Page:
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Strieber Knocks & Folklore Answers

From: Chris Aubeck <caubeck@email.com>
Date: Mon, 12 Mar 2001 09:13:03 -0500 (EST)
Fwd Date: Mon, 12 Mar 2001 15:41:11 -0500
Subject: Strieber Knocks & Folklore Answers


Hello Everyone,

One of Whitley Strieber's most interesting claims involves the
sound of nine knocks in three series of three. Strieber
associates the sounds he heard in 1986 with his own abductions
and presents several cases in which the nine knocks form part of
other people's visitor-related experiences (see Breakthrough and
The Communion Letters).

We know from his early fiction and from interviews that Strieber
is erudite in fields such as folklore and esoteric tradition. It
comes as something of a surprise, therefore, to find that no
mention is made in his books to phenomena of a similar kind
reported in non-ufological contexts. A brief historical survey
of the 'knocking' phenomenon would have at once supported his
case and illustrated the point that the 'visitor' experience has
accompanied humanity for centuries, albeit in different guises.

The most obvious non-UFO area featuring the knocks is that of
poltergeist 'rappings.' One instance of 'nine ghostly raps'
which comes to my mind dates to December 1716, but there are
others. Raps often came in threes and were often heard on the
outsides of a house in unreachable spots, just as Strieber
describes.

I can provide examples of cases that involve neither ghosts nor
UFOs. Consider the following anecdote, undated but from before
1935:


"I had a neighbour that heard three raps at her door for three
nights straight. Each night she went to the door and no one was
there. On the third night, just as she started to open the door,
a big star appear[ed] on the door, then she knew it was death.
Her mother died out in California just about the same time the
star appear[ed] on her door."


Death, of course, is one of Strieber's favourite subjects and
this story would have fit very well into one of his books.
However, it was published in a rare tome that he was unlikely to
see.

On the basis of my research into folklore and pre- 1947
incidents I feel unable to reject Strieber's claim about the
'nine knocks' as preposterous or without precedence because it
really is supported by independent testimonies. Indeed, exactly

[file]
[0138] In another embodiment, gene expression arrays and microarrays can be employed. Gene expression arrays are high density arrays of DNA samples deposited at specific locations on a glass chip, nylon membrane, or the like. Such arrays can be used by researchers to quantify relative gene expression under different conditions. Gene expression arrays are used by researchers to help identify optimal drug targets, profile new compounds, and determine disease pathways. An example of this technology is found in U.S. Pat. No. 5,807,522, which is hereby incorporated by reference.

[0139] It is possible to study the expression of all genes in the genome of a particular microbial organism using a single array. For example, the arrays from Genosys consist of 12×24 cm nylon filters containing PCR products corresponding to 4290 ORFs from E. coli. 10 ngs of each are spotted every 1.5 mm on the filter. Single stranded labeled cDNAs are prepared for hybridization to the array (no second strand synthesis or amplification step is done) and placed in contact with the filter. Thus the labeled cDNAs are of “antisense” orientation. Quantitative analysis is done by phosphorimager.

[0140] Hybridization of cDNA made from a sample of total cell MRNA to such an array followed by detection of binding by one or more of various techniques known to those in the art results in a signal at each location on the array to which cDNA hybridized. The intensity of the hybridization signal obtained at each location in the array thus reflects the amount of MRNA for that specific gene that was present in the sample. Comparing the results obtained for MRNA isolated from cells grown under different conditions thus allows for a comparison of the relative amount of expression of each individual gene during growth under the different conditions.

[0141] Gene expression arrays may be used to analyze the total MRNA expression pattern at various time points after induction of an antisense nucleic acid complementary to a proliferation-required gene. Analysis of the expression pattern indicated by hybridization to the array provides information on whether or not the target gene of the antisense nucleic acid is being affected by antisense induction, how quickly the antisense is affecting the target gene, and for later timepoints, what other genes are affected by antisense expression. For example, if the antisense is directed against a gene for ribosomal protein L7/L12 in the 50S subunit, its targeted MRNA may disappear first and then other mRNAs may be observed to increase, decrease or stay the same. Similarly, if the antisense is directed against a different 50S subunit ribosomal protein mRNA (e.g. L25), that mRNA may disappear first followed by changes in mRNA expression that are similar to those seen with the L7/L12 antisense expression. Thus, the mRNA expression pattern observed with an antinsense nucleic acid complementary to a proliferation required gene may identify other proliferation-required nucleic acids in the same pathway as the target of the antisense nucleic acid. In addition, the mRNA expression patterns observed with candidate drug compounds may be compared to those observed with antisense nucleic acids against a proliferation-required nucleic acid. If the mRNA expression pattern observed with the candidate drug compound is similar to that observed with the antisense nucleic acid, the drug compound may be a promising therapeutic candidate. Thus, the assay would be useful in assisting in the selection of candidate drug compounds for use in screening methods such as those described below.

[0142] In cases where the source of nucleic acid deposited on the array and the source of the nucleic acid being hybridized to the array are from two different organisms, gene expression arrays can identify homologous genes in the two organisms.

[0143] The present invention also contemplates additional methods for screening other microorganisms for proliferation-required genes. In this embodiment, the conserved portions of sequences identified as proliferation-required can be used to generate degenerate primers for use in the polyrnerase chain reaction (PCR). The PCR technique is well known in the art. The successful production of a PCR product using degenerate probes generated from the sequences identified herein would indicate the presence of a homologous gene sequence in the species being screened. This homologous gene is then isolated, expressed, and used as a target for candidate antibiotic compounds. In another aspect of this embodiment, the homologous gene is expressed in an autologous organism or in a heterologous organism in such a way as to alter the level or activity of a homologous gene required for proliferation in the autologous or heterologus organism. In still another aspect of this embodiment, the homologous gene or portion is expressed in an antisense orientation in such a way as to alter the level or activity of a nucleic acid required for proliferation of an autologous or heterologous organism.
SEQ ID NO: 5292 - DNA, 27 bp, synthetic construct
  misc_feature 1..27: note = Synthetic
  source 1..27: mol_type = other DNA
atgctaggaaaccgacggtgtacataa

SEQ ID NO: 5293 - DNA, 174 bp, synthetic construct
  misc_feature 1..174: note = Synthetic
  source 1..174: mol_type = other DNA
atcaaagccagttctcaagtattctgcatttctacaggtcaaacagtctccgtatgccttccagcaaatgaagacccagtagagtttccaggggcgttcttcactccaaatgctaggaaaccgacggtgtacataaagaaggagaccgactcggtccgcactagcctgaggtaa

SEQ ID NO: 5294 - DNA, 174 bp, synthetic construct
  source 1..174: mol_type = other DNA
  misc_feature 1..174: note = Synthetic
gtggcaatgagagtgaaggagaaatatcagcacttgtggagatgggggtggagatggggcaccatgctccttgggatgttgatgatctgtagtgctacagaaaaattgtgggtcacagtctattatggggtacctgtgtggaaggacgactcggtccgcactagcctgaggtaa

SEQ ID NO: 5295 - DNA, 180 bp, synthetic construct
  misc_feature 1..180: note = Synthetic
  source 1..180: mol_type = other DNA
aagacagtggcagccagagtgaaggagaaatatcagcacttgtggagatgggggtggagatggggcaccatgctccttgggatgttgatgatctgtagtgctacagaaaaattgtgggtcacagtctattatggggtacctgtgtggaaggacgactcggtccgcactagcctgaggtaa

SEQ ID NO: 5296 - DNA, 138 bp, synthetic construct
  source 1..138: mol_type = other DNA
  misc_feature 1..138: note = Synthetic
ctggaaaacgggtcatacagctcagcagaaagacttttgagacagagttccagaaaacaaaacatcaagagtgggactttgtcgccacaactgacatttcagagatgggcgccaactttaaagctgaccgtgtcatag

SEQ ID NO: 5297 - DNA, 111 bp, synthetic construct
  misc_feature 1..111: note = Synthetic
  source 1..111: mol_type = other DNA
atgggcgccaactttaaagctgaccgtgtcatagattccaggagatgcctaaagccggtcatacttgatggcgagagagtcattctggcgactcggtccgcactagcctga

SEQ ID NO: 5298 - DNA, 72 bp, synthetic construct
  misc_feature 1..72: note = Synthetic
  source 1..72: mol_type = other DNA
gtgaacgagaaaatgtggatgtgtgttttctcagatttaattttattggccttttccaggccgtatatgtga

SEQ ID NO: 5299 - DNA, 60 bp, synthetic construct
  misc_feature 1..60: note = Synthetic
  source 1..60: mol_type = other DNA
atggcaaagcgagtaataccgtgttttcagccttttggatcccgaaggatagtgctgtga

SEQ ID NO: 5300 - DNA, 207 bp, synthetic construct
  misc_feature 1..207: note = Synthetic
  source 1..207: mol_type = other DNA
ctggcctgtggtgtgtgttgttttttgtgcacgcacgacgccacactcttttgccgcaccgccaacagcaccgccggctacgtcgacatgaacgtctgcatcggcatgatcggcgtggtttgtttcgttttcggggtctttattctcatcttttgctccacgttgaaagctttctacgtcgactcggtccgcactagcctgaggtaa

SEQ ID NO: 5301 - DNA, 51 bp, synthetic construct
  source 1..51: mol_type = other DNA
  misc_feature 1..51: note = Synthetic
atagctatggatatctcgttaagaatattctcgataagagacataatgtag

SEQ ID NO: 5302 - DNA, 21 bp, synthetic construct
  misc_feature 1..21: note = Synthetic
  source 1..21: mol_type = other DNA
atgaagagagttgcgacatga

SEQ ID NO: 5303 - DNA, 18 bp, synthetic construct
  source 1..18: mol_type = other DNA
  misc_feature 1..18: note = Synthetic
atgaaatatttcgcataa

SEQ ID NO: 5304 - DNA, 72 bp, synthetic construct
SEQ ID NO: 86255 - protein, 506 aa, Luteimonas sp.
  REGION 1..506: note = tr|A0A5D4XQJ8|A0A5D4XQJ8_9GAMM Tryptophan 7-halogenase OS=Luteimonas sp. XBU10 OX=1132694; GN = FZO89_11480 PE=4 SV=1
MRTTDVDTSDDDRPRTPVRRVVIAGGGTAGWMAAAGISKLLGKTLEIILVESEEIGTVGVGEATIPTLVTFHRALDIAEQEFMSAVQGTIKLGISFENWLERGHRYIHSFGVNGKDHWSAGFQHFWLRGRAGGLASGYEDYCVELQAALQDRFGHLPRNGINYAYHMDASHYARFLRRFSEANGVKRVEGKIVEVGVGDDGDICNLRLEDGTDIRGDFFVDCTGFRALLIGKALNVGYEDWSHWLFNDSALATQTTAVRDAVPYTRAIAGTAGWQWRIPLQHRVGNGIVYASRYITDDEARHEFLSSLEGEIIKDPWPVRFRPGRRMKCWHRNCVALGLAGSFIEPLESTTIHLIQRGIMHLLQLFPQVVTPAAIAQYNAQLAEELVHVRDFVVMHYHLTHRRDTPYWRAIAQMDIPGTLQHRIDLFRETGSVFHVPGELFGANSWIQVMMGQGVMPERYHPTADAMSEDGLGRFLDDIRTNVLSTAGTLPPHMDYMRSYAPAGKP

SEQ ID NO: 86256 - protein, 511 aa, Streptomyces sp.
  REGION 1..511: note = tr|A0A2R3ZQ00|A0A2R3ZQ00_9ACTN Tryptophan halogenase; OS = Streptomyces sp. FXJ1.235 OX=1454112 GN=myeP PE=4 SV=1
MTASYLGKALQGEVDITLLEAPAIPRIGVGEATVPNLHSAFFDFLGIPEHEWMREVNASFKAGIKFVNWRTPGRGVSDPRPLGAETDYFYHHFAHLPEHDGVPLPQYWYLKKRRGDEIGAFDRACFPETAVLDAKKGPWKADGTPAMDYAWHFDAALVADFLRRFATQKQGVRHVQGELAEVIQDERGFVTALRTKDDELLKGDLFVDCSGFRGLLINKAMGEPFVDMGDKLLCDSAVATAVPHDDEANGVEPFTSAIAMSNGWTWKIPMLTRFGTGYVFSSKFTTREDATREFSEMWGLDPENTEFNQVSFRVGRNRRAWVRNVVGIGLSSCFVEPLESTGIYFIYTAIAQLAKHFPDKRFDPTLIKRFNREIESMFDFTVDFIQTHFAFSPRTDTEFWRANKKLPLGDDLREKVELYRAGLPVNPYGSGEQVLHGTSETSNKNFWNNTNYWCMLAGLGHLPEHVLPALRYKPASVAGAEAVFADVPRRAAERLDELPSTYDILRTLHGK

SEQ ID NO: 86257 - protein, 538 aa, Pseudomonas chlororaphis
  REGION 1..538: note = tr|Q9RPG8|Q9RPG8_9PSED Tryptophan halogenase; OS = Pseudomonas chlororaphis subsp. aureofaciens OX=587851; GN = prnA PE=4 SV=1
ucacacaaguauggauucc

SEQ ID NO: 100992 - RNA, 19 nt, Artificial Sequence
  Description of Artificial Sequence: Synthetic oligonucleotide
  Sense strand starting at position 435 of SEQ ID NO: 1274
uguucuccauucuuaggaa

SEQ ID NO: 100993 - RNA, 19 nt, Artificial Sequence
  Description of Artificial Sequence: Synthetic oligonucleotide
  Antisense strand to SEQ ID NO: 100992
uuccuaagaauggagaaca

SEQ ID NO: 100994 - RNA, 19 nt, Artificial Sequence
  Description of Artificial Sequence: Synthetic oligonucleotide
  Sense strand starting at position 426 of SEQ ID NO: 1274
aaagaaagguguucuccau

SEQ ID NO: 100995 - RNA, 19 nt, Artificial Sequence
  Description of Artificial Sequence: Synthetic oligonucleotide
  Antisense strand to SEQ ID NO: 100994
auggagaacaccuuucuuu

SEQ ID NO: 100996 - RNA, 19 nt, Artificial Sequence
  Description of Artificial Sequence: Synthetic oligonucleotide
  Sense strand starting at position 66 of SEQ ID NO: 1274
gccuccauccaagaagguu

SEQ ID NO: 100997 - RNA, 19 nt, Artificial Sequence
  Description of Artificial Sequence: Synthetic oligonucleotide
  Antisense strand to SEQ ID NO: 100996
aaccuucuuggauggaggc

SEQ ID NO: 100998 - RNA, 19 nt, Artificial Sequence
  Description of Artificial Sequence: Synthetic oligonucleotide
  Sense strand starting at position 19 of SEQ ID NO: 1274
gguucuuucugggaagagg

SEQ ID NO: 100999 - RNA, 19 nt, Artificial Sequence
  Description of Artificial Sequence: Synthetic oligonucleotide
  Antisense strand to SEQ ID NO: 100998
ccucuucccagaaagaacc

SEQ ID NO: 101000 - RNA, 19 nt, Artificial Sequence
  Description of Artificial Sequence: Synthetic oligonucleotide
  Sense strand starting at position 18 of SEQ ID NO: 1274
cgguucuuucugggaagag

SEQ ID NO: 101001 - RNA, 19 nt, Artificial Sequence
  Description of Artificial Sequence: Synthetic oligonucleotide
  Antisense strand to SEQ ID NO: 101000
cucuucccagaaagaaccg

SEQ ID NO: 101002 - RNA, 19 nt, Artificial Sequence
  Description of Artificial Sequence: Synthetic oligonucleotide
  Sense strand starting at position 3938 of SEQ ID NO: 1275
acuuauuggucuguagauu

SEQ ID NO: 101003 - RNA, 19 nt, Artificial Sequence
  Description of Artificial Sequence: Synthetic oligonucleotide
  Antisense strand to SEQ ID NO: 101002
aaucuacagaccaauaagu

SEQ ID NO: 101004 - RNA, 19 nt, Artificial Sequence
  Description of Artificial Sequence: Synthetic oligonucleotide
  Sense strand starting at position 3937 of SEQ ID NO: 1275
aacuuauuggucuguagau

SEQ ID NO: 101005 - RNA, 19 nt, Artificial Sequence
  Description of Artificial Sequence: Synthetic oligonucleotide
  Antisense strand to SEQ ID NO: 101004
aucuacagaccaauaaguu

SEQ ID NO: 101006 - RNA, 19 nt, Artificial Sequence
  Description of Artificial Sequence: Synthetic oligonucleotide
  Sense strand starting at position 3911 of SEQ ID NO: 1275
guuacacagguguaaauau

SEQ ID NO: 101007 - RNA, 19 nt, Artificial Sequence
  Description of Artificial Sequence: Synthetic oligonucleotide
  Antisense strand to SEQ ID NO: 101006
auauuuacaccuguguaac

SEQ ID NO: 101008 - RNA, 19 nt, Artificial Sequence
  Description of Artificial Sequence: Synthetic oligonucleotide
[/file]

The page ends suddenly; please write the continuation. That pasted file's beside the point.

eighteen months after Strieber's alleged experience a large but
unspecified number of people in Glenrock, Wyoming, were woken up
"by a series of nine knocks in three groups of three on their
cars, on the sides or roofs of their houses, or on their doors."
Strieberīs account had still not been published when this
occurred, and a report in The Glenrock Independent (Thursday,
March 3, 1988) predated the publication of his book by weeks.
According to the article, "the three part series of three dull
thuds" was heard by everyone at the same time on Sunday morning
at 2:45am. The police received calls from people worried about
prowlers, but residents "discounted the possibility of a hoax
being performed on a seemingly random number of houses. The
residents quickly either looked outside or physically inspected
their property." To top it all, a UFO was also seen in the
vicinity, and mentioned in the newspaper report.

Does this necessarily indicate that Strieber was telling the
truth? It would help if some independent research was done to
verify the Glenrock incident. I don't know of any except what
was done by Ed Conroy on Strieber's behalf.

My opinion of Whitley Strieber's books is that whether or not he
truly did undergo a strange experience in the 1980s, he has
since let his astonishing imagination build on the standard
abduction scenario using folklore as a source of inspiration. It
is curious to see that whereas in Communion and Transformation
Strieber made liberal comparisons between his contact with
aliens and ancient tradition, he has subsequently downplayed any
similarities in other books. I believe this has been one half of
a strategy to distract readers from a blatantly obvious fact:
that his enthusiasm for folklore and mythology predates his
abduction claims. The second part of his strategy has been to
claim that the fairy- like beings in his earlier novels were
subconscious memories of alien visitors (actually the reverse
could be more justifiably regarded as true).

It would be interesting to hear from anyone else who has
experienced the 'nine knocks' phenomenon. In view of claims
involving raps and thuds throughout history, any banging noises
that manifest in threes ­ whether they total nine or not ­ could
be relevant to this study.


Chris Aubeck





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